A national cold weather plan should be developed to help reduce England’s annual winter death toll, chief medical officer Sir Liam Donaldson has said in his final annual report.
Delivering the report at the Royal Society in London today, Sir Liam said that between December and March every year there are around 30,000 excess deaths in England, far higher than in comparable countries.
A cold snap in warmer countries catches people out
“The coldest countries tend to be very well prepared - Finland has a 45 per cent lower excess death rate than the UK,” he said. “A cold snap in warmer countries catches people out and excess mortality doesn’t return to normal for around 40 days,” he added.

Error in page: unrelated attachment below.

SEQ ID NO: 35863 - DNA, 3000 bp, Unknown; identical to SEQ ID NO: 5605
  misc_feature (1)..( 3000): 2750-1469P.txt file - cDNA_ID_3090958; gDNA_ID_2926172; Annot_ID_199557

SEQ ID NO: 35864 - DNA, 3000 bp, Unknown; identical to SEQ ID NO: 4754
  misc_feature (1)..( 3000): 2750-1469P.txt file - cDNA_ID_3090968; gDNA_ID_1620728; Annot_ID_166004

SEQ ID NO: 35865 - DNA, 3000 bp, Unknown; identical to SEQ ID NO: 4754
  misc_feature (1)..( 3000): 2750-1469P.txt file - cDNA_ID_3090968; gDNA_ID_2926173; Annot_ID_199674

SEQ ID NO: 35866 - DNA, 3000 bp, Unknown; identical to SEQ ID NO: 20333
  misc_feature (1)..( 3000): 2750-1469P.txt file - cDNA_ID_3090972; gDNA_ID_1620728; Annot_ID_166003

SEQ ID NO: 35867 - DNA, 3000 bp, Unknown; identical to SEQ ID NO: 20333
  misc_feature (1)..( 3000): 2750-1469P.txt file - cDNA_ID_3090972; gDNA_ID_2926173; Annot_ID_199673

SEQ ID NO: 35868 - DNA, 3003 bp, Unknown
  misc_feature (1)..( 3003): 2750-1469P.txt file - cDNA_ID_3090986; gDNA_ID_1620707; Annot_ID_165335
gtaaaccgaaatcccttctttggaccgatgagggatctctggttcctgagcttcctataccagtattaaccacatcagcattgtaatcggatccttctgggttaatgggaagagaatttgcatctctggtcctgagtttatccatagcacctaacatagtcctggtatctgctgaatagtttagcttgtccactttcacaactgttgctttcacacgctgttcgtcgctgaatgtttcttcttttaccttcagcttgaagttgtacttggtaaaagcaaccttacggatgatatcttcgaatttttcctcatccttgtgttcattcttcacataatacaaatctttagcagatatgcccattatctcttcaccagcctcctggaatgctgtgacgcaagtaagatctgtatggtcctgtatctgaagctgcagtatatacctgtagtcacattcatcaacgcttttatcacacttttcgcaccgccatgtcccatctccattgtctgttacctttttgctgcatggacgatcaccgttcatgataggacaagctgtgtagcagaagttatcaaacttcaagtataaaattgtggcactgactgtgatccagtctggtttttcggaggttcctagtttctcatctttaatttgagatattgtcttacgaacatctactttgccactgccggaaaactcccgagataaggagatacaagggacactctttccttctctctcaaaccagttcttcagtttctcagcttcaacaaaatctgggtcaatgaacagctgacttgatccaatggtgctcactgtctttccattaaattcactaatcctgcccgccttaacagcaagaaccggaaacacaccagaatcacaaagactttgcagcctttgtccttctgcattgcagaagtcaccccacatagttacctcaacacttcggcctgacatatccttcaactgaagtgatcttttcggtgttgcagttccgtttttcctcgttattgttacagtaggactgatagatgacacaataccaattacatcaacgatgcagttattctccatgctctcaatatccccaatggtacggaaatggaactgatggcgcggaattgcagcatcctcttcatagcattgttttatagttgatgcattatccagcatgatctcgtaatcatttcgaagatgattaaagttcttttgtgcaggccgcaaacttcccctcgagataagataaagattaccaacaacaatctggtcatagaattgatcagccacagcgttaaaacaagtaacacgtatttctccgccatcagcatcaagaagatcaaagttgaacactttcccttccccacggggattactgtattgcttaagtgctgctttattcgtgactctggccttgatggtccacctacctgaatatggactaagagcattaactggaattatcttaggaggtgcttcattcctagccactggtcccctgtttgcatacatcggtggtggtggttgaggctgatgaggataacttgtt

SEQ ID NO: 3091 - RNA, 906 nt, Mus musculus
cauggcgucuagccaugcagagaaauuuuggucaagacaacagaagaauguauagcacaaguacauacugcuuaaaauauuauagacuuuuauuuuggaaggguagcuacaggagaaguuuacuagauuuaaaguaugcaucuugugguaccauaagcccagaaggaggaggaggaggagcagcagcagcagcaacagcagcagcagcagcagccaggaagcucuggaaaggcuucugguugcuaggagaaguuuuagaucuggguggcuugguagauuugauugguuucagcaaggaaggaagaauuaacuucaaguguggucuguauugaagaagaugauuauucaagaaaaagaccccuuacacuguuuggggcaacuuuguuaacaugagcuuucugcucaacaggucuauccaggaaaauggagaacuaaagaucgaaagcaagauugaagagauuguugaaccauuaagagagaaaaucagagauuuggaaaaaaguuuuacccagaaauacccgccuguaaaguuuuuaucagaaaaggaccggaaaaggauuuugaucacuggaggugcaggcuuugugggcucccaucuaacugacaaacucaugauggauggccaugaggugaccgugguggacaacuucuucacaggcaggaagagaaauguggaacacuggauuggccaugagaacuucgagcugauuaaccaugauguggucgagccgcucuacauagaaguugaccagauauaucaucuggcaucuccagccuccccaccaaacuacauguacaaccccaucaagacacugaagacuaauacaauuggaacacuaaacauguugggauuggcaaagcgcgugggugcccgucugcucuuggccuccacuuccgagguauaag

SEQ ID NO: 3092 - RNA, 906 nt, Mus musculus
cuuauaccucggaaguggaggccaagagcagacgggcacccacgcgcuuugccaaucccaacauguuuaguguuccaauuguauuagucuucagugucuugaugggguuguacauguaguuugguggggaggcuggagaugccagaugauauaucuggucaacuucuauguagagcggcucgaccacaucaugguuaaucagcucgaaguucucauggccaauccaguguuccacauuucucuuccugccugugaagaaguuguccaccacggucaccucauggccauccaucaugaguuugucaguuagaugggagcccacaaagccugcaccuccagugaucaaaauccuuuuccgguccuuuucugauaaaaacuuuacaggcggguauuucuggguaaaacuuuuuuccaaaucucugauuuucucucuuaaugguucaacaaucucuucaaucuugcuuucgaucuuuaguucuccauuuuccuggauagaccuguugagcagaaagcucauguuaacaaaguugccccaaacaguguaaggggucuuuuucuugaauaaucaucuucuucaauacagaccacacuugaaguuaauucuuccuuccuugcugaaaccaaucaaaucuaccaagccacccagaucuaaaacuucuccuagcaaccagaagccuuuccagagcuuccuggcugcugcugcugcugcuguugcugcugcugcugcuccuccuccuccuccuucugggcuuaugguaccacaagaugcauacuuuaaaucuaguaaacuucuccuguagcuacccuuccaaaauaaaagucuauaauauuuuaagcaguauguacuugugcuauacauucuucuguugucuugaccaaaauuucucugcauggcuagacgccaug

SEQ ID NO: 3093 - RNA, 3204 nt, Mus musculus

Sir Liam said that most winter deaths occur due to increased cardiac and respiratory problems and strokes, with people with underlying cardiovascular or respiratory disease and the elderly being most most at risk.
In the report, he says that these illnesses occur in a predictable pattern following cold weather, enabling local and national planning.
“We have a comprehensive and effective national heatwave plan that is put in place during excessively hot weather. If a comparable national cold weather plan were to be developed, it could save thousands of lives each year,” he said.